For your long term protection, vote "Yes" on Measure 1.

— City of Rancho Mirage

Arguments AGAINST

A current city council should not assert their will on future elected officials. It is bad policy, yet that is exactly what Measure 1 is designed to accomplish. Its purpose is to bind the hands of any person that we, the voters, choose to represent us in the future. That is the single mission driving our current Council's support of Measure 1.

The Council has already adopted Ordinance No. 1099, which is a ban on neighborhood electric vehicles (NEVs) on major roadways throughout Rancho Mirage. The Council imposed this ban as part of their opposition to CV Link. They did it after the Coachella Valley Association of Governments, the planning agency for the project, made two different offers to eliminate NEVs on the Rancho Mirage portion of CV Link.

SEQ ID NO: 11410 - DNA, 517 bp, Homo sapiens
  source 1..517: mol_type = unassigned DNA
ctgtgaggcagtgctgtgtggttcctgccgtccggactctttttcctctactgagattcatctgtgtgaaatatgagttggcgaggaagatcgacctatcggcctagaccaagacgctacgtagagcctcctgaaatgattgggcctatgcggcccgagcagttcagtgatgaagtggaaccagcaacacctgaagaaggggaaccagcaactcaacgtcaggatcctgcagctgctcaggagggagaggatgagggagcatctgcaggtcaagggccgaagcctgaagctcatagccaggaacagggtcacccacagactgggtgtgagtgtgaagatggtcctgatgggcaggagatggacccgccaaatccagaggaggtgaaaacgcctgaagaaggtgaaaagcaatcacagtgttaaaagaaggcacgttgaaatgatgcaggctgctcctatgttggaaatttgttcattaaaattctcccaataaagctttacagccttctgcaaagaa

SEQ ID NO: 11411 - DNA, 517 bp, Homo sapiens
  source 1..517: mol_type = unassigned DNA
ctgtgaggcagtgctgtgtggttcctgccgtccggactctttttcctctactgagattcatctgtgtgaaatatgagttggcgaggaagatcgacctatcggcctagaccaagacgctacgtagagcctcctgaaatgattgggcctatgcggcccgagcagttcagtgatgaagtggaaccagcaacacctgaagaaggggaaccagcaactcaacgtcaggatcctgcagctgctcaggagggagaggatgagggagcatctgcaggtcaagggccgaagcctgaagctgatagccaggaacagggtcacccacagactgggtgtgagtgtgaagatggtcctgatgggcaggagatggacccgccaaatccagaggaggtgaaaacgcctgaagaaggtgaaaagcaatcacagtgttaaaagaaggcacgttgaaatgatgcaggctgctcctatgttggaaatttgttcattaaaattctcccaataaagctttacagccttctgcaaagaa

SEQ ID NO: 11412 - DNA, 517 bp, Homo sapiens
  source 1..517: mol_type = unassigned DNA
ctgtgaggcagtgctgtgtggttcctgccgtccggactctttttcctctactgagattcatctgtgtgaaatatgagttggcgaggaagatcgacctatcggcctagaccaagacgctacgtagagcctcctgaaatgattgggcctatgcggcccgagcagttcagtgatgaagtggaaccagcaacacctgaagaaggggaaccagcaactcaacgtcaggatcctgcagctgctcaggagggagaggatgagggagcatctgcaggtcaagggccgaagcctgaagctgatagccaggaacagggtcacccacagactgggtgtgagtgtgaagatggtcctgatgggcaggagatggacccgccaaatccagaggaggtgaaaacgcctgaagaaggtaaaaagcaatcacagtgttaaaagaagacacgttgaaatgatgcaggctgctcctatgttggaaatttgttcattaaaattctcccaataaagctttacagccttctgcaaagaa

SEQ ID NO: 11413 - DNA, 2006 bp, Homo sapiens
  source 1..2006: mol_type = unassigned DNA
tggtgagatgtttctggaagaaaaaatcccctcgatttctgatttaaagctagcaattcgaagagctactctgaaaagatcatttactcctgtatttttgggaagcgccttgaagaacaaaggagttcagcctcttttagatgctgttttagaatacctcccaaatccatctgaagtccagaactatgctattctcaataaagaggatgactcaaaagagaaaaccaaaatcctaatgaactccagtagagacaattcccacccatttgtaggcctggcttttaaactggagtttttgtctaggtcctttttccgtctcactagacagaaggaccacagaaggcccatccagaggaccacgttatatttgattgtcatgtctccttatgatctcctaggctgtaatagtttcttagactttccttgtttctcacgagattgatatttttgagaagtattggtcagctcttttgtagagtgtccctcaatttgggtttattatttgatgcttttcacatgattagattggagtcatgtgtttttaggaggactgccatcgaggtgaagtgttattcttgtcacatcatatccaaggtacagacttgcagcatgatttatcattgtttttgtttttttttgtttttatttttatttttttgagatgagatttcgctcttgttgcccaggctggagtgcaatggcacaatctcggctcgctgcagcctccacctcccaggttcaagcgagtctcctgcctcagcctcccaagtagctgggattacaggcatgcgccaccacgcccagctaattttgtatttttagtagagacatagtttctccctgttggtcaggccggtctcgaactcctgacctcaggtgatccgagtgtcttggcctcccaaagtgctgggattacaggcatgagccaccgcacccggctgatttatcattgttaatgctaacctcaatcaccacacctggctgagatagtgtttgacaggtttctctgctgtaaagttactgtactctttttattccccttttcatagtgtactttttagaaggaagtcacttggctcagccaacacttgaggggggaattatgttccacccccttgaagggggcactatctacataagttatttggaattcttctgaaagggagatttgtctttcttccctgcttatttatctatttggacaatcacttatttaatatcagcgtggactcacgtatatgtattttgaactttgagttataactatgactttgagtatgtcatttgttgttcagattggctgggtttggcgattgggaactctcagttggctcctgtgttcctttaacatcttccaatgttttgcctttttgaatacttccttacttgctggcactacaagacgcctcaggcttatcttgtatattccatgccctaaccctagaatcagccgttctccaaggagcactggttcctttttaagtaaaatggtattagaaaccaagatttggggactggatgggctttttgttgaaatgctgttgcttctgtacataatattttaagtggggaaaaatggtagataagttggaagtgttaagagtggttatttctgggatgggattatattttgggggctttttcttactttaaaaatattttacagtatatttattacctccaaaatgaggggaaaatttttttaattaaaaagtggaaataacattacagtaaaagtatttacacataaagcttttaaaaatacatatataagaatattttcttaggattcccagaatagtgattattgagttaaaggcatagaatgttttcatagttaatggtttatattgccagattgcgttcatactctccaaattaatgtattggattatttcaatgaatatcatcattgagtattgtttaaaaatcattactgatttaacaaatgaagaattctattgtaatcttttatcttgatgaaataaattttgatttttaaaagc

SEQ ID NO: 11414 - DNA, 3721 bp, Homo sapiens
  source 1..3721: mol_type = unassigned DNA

It is ironic that the current council now strongly opposes NEVs, which are similar to golf carts in both their appearance and daily use, when past councils have embraced them. Rancho Mirage has a golf cart plan dating back to 1989, and includes many of the streets identified in Measure 1. The plan also authorized golf carts along the Whitewater River channel and on the ButlerAbrams Trail. NEVs are simply part of the evolution of the golf cart, and our city should continue to embrace them and make sure they can travel safely through the community-not ban them for all time.

Voting NO on this measure won't stop the city's ban on NEVs. But it will make sure that future elected leaders will have the flexibility to make their own decisions and embrace progress and technology. Don't lock us into the past.

This is simply BAD public policy. VOTE NO on Measure 1.

— City of Rancho Mirage

Replies to Arguments FOR

The following individuals signed the official rebuttal argument in favor of Measure 1:

  • Dana Hobart, Mayor of Rancho Mirage